A MotoGP bike that accelerates as fast as it can — we watched the practice starts after Free Practice 2 from a couple of meters distance — is a symphony of mechanical and exhaust noises that begs for earplugs. But at the same time, you also want to feel and experience the vibrations, so you don’t want to block your ears. That’s not very sensible, I know, but there is not a lot of sensibility in the world of MotoGP anyway. That becomes very clear when a rider closes the throttle, downshifts, and puts on the brakes to slow down from 300km/h to 90km/h to make a turn. A cacophony of mechanical and engine sounds is the result. It’s exciting, hair-raising, dangerous, and violent — the brutal sound of a machine being pushed to its limits by a guy who is also pushing his physical and mental boundaries.
From zero to hero
While walking through the paddock, we were almost hit by VR46 rider Marco Bezzecchi on his electric moped. He smiled, though, and masterfully avoided a collision. He was a friendly young kid on his way to work. But when you see him at work, you understand that it takes someone very special to his job of pushing a 290+ horsepower Ducati MotoGP monster around the fast, twisty, and demanding TT circuit in the rain; they don’t call it the Cathedral of Speed for nothing. By the way, he wasn’t happy but quite grumpy indeed when he lost the bike in the slowest turn of the track and couldn’t get it to restart. But come Sunday afternoon, he was one of the happiest men on the planet. He only saw Ducati factory rider Francesco “Pecco” Bagnaia finish in front of him. And so the 23-year-old scored his first-ever MotoGP podium.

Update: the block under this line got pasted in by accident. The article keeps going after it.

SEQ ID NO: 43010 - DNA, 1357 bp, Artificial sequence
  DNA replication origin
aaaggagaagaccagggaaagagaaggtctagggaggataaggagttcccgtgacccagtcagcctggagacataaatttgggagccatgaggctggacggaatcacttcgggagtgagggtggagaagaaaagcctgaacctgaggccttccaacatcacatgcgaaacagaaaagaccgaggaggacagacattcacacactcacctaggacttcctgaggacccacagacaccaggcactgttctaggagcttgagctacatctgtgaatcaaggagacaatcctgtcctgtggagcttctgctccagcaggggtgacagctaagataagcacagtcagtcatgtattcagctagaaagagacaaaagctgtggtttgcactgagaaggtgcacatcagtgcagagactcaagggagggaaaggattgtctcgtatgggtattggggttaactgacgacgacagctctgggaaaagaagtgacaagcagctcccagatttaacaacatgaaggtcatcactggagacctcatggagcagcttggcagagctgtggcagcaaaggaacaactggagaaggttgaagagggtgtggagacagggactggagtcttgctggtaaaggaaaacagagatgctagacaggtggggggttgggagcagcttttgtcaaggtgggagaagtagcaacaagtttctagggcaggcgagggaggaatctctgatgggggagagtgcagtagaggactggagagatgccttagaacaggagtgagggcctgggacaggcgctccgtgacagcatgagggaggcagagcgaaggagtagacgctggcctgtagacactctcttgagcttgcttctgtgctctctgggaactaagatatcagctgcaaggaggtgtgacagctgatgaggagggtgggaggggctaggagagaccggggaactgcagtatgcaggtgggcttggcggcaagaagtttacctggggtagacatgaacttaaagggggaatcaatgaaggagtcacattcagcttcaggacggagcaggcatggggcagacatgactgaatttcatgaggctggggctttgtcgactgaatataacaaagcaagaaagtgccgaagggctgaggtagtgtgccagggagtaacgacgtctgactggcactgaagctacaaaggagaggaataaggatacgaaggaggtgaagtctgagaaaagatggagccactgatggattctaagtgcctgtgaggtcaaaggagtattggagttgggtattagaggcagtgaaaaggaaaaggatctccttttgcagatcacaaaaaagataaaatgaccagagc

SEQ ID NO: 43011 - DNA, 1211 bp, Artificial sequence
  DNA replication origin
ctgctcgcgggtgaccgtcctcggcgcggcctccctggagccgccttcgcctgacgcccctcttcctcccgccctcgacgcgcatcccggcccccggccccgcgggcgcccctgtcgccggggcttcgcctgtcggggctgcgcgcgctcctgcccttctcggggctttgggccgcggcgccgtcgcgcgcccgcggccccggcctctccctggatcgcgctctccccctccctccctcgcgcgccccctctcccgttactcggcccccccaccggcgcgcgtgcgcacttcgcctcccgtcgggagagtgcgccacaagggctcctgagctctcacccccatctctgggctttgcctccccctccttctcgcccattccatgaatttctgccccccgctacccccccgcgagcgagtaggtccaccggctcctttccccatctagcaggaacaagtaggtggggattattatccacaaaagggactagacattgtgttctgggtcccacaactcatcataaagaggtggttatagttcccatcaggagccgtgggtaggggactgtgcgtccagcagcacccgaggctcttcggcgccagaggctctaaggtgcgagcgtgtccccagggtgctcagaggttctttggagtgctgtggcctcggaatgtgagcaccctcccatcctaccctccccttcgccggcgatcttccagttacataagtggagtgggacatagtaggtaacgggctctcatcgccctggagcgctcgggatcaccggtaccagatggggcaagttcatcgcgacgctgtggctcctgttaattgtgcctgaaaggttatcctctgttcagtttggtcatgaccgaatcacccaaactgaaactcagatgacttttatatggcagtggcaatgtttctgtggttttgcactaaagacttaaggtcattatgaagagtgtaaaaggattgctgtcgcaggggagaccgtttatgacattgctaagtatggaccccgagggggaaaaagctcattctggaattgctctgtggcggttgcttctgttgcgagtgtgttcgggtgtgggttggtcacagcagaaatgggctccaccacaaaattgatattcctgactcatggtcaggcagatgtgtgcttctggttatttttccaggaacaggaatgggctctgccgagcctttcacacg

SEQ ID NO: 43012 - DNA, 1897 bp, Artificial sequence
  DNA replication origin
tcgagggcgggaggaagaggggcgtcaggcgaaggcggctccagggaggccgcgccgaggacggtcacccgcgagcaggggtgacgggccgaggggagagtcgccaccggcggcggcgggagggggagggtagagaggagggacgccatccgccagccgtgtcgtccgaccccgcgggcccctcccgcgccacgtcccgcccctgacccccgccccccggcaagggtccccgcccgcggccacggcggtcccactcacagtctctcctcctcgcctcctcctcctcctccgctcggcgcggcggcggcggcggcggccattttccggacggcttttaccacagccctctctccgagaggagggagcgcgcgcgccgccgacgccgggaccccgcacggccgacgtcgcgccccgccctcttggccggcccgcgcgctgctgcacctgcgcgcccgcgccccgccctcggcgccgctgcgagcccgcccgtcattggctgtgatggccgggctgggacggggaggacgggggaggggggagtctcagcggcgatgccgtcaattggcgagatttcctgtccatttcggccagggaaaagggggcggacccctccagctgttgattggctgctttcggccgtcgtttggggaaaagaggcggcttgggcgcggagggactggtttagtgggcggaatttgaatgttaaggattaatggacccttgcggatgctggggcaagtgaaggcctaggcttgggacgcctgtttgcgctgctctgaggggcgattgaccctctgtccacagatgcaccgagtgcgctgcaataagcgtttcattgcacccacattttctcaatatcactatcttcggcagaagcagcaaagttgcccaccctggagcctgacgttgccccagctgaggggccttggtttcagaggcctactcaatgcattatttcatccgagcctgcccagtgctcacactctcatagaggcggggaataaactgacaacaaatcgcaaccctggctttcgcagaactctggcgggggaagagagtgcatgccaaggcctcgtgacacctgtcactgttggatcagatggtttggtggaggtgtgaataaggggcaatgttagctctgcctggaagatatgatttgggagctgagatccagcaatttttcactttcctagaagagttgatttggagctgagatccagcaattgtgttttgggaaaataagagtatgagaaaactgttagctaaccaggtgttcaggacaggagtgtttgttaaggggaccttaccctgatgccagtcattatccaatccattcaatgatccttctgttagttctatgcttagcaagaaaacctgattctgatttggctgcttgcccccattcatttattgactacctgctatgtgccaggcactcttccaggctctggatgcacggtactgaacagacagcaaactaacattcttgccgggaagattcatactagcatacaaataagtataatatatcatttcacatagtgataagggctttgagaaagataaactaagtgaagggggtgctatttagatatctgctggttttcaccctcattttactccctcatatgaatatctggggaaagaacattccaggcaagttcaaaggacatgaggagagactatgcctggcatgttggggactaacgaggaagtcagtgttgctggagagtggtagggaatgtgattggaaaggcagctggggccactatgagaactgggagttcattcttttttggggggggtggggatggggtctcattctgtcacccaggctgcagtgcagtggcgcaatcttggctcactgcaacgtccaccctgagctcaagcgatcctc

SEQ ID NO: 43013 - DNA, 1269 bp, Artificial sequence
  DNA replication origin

Style at work
How did the two chronographs function, you ask? Well, both the blue (T137.427.11.041.00) and the panda (T137.427.11.011.00) PRX Chronographs performed flawlessly. Not that we really pushed the 42mm steel chronographs with 60-hour “engines” that hard, but I did time some laps, and it worked. Not to the thousands of a second like the official timekeeping equipment, but mine still managed to measure lap times of around 1 minute 33 seconds and a couple of tenths. That was during Free Practice 2 when the rain had stopped, the track had dried up, and slicks had replaced the rain tires.
Anyway, we didn’t bring the two €1,795 retro-styled chronographs to function. Honestly, we brought them to look good. And looking good on the wrist trackside is what they did. The PRX Automatic Chronograph is, of course, incomparably more quiet than a race bike. Inside the watch, the mechanical ballet of wheels, gears, and cogs is performed in relative peace and quiet. The soft ticking is the complete opposite of the maniacal motorcycle engines that sound like they’re on the verge of disintegrating. Still, there are mechanical principles that a mechanical movement and a racing engine have in common.
Did Nacho and I think about that when we were trackside? Not really. We had an adrenaline rush that lasted a couple of hours thanks to the bikes, the riders, and the show they put on. And we really enjoyed the watches too. In a more introverted way, sure, but we’re still watch nerds.
If you want to read a bit more in-depth about the PRX Automatic Chronograph — and I can imagine you would — please check out RJ’s hands-on review. And for more info about the availability of the sportiest of new PRXs so far, please go to Tissot’s official website.
Please find and follow me at Lex Stolk • Instagram